CASS COUNTY — Neighbors across southwest Michigan remain on edge as police continue to hunt for a suspect in a double homicide. Police say that person killed John Tarwacki, 40 and his wife Carolyn, 39, inside their Cass County home Friday morning. Michigan State Police said a relative found the couple's bodies inside their home in the 900 block of Carberry Street near the Jerry Tyler Airport in Niles just before 12:45 p.m. Friday. Officers arrived shortly after and began a manhunt for the suspect. Some nearby neighbors were told to stay inside their homes as officers and K-9 units from three area departments fanned out, searching for anything that might shed light on what led up to the double homicide. "We do know someone got into the house on foot. Whether they parked close, we don't know. We are looking between Carberry and Yankee for any suspicious activity," said Michigan State Police Niles Post Lt. Michael Brown. Police aren't sure yet how the couple died, and have not released circumstances surrounding their death or their manner of death. Autopsy results are expected back by Monday. Even so, police say their investigation so-far leads them to believe the crime wasn't a coincidence. "We don't think it was random, by the nature of that house. So, certainly, lock your door and be cautious. But, we don't think it was a random crime," said Brown. Brown said police found no evidence to either support or deny the theory the suspect forced entry into the home. He also said it's possible the couple knew their killer, or killers. Brown said officers were sent to nearby Ring Lardner Middle School as a precaution. "We had a relative that was at the school. And so, we had officers from Niles City Police go to that school," Brown said. As night fell, the search expanded to an alley-way behind the Tarwackis' home, where police believe the suspect may have fled on foot or by car early Friday morning. Investigators are now asking anyone who passed by the alley to contact them. "If you've seen anything between 6:30 a.m. and about 8:30 a.m., at Carberry and Yankee, please contact us," Brown said. On Edge It's that intersection at Carberry and Yankee that first drew James Anderson to his kitchen window Friday afternoon. "I saw the cop car right here, blocking off the road," Anderson said, pointing at Yankee Street from his front porch. "I thought it was another accident. There's a lot of accidents there. When I found out what it really was, I went and checked all my doors to make sure the guy's not in my house." Anderson wasn't alone. Many of his neighbors remained on edge Friday night, too. "I was very apprehensive as it progressed," said Darren Mackey, who lives a few doors down. "I got more and more concerned as I saw what was going on. They had dogs out back. They had men out back looking around. They were obviously looking for tracks." Asked if that made him double check his own door locks, Mackey didn't hesitate. "Oh, yeah. Yeah. Definitely," he said. The sense of safety in what many described as a "quiet" rural neighborhood was suddenly shattered. "Around here, it just doesn't happen," said Bruce Anderson. "I told my daughter's babysitter, you better lock the doors, because they haven't caught this fellow yet." A Happy Couple According to a check of South Bend Tribune archives, John Tarwacki served as a nuclear operator aboard a U.S. Navy submarine. He injured his leg during service and was confined to a wheelchair until 2007. He was hired in early 2008 as Operations Manager for Downtown South Bend, also known as DTSB — managing the organization's ambassador program. "One of my primary responsibilities, and a big component, is providing hospitality," Tarwacki told the Tribune's Jennifer Ochstein in a profile story written in June 2008. "That includes visits to merchants to find out if they're doing all right and see if they need anything. We also distribute information to them about events in the city, and we meet and greet visitors and help them out with directions and events and just be an ambassador to them for Downtown South Bend," Tarwacki was quoted as saying. According to the profile, Tarwacki's education in nuclear propulsion helped prepare him for a diverse career outside of military service.He also worked as a shopping mall manager and apartment complex manager after severely injuring his leg and returning to his hometown of South Bend. "All I've been through has really prepared me for anything that comes my way," he told the Tribune. "I don't shake easy." Neither did Carolyn Tarwacki, whose maiden name was McKnight. According to a South Bend Tribune archive story from 2002, she was a music lover. "Music has always been my path of life," she told the Tribune's Sherry Van Arsdall in profile of Ring Lardner Middle School music teacher Ken Working. "[Ken] was my teacher, my motivator." According to the Tribune's archives, Carolyn McKnight-Tarwacki worked at the time as credit manager and Michigan representative for Blessings Music Co. She also helped Working teach music at Ring Lardner. Tributes to the couple were already growing online Friday night on both of their Facebook pages. Search For A Suspect Late Friday night, police released a description of a "suspicious person" seen near the Tarwacki's home early Friday morning.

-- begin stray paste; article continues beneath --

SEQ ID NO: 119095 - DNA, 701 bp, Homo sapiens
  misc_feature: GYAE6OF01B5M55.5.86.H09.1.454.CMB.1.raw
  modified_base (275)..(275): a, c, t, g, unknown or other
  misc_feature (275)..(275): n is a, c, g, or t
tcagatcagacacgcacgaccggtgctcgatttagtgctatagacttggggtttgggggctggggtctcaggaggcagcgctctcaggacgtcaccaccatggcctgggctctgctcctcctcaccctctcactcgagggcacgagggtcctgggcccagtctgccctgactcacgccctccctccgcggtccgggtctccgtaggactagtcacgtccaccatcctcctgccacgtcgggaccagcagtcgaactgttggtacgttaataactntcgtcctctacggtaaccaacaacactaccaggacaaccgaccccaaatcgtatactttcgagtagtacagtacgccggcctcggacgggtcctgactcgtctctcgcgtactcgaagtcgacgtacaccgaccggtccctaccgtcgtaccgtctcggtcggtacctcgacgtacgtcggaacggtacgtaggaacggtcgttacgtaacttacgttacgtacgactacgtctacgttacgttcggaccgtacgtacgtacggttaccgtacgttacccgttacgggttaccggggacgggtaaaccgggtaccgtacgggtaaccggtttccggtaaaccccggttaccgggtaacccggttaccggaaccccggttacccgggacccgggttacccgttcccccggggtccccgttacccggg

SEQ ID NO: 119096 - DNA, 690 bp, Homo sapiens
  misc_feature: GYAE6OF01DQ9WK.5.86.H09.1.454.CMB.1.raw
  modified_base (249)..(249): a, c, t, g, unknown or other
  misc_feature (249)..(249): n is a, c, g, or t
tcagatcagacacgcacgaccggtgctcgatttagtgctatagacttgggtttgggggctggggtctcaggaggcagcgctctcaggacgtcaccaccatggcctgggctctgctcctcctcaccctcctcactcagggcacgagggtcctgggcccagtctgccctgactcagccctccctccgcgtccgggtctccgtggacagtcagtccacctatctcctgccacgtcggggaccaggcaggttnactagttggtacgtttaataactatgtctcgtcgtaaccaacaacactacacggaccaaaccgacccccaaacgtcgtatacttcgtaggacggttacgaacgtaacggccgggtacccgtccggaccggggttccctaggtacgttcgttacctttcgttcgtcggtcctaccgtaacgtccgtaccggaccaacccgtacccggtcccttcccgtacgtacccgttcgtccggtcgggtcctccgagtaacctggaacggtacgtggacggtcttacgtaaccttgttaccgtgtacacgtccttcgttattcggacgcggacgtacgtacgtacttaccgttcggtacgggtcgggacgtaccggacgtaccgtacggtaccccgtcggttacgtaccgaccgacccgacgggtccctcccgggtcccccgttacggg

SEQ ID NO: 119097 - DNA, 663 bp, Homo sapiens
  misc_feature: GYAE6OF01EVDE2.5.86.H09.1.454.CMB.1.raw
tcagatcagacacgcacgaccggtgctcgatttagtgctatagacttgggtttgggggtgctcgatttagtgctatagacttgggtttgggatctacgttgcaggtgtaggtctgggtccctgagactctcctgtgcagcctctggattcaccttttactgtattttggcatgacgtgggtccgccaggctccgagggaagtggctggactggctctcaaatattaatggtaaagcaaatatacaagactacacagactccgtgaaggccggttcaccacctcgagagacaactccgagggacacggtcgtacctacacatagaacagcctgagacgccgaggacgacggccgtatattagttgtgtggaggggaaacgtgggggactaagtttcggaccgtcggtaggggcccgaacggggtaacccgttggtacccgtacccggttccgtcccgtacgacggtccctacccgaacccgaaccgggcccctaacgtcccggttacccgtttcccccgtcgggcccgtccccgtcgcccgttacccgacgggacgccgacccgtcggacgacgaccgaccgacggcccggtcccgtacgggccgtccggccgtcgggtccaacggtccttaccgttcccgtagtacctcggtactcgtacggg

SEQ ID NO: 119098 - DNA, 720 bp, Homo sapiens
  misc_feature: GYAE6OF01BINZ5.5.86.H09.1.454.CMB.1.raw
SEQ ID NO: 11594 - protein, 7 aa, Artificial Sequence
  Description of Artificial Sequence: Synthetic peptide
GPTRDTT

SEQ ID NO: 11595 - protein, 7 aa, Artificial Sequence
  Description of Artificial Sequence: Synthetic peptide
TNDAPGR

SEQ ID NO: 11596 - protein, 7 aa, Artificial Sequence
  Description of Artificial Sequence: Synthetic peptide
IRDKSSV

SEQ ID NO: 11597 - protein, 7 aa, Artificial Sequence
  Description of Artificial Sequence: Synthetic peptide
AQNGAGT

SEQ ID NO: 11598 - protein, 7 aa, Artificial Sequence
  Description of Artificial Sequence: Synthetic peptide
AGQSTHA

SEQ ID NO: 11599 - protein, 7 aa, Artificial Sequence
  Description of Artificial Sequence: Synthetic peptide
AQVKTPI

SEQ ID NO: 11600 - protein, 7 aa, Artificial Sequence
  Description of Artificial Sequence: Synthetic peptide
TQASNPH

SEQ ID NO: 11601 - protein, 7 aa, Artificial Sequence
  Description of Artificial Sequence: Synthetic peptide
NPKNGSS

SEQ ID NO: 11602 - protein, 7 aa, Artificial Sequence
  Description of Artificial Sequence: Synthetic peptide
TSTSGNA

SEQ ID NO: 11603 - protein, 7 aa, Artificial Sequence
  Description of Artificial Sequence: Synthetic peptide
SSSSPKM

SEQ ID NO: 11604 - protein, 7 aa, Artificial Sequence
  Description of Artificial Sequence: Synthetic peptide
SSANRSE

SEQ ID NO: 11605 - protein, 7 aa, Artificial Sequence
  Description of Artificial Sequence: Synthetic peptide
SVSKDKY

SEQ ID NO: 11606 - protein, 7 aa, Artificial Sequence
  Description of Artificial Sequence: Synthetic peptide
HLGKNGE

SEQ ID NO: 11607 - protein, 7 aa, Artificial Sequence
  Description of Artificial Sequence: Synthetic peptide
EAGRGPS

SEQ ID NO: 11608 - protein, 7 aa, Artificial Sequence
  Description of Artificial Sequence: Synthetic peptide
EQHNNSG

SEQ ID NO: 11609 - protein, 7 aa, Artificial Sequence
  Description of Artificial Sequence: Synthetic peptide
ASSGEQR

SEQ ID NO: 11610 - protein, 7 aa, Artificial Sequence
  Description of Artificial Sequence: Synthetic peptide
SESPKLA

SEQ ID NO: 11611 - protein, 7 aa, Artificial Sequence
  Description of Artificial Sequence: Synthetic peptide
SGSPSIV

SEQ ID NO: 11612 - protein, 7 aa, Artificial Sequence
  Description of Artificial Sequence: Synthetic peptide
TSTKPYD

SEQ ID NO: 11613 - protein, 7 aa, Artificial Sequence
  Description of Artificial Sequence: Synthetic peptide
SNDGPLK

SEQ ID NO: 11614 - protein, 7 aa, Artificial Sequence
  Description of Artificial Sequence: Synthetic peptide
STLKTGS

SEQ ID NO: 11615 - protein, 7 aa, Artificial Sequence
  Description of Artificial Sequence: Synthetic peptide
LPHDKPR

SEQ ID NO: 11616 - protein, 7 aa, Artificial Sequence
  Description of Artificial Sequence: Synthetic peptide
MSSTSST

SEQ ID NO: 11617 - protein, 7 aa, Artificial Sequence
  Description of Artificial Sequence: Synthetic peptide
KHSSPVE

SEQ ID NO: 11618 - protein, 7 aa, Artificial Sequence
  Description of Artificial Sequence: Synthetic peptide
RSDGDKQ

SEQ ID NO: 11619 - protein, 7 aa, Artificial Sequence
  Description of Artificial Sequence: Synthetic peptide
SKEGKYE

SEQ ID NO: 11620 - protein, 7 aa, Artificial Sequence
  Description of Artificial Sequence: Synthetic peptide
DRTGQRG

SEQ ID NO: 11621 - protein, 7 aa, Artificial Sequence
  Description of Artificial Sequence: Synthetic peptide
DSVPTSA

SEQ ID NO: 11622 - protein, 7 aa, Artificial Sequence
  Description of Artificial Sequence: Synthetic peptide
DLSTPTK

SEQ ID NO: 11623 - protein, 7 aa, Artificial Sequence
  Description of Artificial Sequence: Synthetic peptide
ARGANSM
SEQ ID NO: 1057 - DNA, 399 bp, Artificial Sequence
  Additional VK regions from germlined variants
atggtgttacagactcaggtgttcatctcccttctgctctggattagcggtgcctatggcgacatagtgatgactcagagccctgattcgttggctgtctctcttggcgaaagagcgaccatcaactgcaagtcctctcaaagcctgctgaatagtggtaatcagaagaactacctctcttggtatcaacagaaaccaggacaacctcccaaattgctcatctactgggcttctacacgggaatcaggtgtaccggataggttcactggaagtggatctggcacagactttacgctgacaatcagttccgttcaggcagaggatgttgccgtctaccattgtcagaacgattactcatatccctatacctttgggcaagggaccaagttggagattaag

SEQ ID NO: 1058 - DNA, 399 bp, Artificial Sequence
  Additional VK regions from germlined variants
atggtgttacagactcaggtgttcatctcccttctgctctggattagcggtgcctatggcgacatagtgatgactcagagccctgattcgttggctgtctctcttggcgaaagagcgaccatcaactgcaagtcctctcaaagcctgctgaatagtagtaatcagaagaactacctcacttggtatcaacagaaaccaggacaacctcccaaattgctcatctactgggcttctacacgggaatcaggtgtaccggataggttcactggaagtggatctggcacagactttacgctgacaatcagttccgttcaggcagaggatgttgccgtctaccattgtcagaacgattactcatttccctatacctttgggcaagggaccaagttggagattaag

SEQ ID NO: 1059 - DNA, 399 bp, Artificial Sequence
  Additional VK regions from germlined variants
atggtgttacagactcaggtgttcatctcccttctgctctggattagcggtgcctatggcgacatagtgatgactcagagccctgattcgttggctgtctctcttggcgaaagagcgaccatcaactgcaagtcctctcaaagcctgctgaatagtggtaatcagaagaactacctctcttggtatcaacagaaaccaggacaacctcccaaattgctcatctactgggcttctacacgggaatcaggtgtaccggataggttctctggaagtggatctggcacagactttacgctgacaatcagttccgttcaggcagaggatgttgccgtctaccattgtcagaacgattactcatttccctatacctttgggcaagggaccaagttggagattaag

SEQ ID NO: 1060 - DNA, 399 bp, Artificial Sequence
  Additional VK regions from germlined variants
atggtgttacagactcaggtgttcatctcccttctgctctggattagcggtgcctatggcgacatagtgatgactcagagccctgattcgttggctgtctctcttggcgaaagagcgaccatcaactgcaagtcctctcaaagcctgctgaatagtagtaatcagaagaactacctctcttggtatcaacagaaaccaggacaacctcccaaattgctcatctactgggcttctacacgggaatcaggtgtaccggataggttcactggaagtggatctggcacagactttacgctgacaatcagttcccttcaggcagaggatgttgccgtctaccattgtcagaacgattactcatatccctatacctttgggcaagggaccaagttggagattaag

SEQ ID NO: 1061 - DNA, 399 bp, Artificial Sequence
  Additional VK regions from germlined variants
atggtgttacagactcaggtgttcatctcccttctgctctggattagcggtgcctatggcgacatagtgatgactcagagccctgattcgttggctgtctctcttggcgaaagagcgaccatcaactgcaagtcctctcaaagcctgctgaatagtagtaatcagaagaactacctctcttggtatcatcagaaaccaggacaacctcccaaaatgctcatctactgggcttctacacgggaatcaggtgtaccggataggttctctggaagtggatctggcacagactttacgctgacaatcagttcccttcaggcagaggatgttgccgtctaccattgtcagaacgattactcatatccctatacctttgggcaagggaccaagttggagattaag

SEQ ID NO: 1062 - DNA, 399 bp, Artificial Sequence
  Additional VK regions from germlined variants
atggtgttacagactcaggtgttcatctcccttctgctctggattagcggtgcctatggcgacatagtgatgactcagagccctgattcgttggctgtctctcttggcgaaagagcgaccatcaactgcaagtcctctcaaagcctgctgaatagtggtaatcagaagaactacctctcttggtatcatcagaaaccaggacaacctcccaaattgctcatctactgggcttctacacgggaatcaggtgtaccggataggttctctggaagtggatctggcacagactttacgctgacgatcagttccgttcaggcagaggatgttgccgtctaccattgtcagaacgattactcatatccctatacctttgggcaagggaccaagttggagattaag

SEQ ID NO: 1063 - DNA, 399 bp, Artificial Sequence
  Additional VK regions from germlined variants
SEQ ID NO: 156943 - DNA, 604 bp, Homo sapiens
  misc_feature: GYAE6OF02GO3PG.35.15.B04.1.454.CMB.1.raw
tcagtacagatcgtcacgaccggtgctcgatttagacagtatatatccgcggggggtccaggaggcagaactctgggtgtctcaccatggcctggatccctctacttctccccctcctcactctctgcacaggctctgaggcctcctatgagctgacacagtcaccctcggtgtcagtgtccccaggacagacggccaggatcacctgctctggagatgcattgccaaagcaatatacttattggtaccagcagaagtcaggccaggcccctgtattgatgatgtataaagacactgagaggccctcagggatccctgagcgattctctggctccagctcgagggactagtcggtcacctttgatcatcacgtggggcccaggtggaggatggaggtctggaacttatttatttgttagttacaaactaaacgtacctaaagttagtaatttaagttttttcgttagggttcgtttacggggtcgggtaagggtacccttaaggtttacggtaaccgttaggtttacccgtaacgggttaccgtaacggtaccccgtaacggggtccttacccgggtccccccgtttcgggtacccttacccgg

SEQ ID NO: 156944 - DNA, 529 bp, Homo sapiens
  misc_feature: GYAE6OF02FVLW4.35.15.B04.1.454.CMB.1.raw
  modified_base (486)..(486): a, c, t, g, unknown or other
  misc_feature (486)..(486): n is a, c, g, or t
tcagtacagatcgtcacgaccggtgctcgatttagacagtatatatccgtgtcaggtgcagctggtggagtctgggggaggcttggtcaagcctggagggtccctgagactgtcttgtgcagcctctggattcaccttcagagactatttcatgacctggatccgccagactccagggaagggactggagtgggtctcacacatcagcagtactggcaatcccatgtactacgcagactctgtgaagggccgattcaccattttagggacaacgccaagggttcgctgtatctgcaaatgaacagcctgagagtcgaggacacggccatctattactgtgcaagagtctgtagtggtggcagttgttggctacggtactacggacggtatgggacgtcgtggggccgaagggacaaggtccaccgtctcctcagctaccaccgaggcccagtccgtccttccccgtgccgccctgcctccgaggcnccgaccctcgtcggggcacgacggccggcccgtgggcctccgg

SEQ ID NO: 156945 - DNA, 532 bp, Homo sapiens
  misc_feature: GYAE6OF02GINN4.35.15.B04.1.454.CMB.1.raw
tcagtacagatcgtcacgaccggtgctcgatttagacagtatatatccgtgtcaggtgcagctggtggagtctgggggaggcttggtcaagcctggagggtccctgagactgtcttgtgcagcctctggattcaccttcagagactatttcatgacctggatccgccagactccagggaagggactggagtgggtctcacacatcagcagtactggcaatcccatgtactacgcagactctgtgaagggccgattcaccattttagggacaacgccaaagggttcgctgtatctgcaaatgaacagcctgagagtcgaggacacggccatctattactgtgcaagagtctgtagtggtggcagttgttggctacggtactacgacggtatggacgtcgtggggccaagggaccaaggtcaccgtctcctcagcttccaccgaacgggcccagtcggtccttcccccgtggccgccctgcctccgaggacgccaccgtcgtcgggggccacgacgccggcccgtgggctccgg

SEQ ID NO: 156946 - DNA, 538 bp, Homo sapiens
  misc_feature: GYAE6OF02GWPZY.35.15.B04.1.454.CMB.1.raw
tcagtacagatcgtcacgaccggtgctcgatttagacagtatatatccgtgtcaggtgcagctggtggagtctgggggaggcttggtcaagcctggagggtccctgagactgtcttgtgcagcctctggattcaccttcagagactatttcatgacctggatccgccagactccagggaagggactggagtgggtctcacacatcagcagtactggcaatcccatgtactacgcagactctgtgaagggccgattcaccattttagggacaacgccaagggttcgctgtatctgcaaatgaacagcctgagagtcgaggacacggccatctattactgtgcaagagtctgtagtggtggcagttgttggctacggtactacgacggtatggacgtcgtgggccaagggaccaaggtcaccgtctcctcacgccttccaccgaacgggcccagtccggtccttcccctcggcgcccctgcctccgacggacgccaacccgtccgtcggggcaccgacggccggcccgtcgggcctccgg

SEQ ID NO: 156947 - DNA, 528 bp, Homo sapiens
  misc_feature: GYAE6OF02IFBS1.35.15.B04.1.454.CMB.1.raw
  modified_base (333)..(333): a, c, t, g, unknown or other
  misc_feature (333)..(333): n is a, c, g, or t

- White male
- Medium build
- Between 20 and 30 years old
- Brown hair Police are asking anyone who might have seen him to call them at (269) 683-4411. "Call it in, and we'll evaluate it," said Brown. "We'll work on (tips) as quick as we can."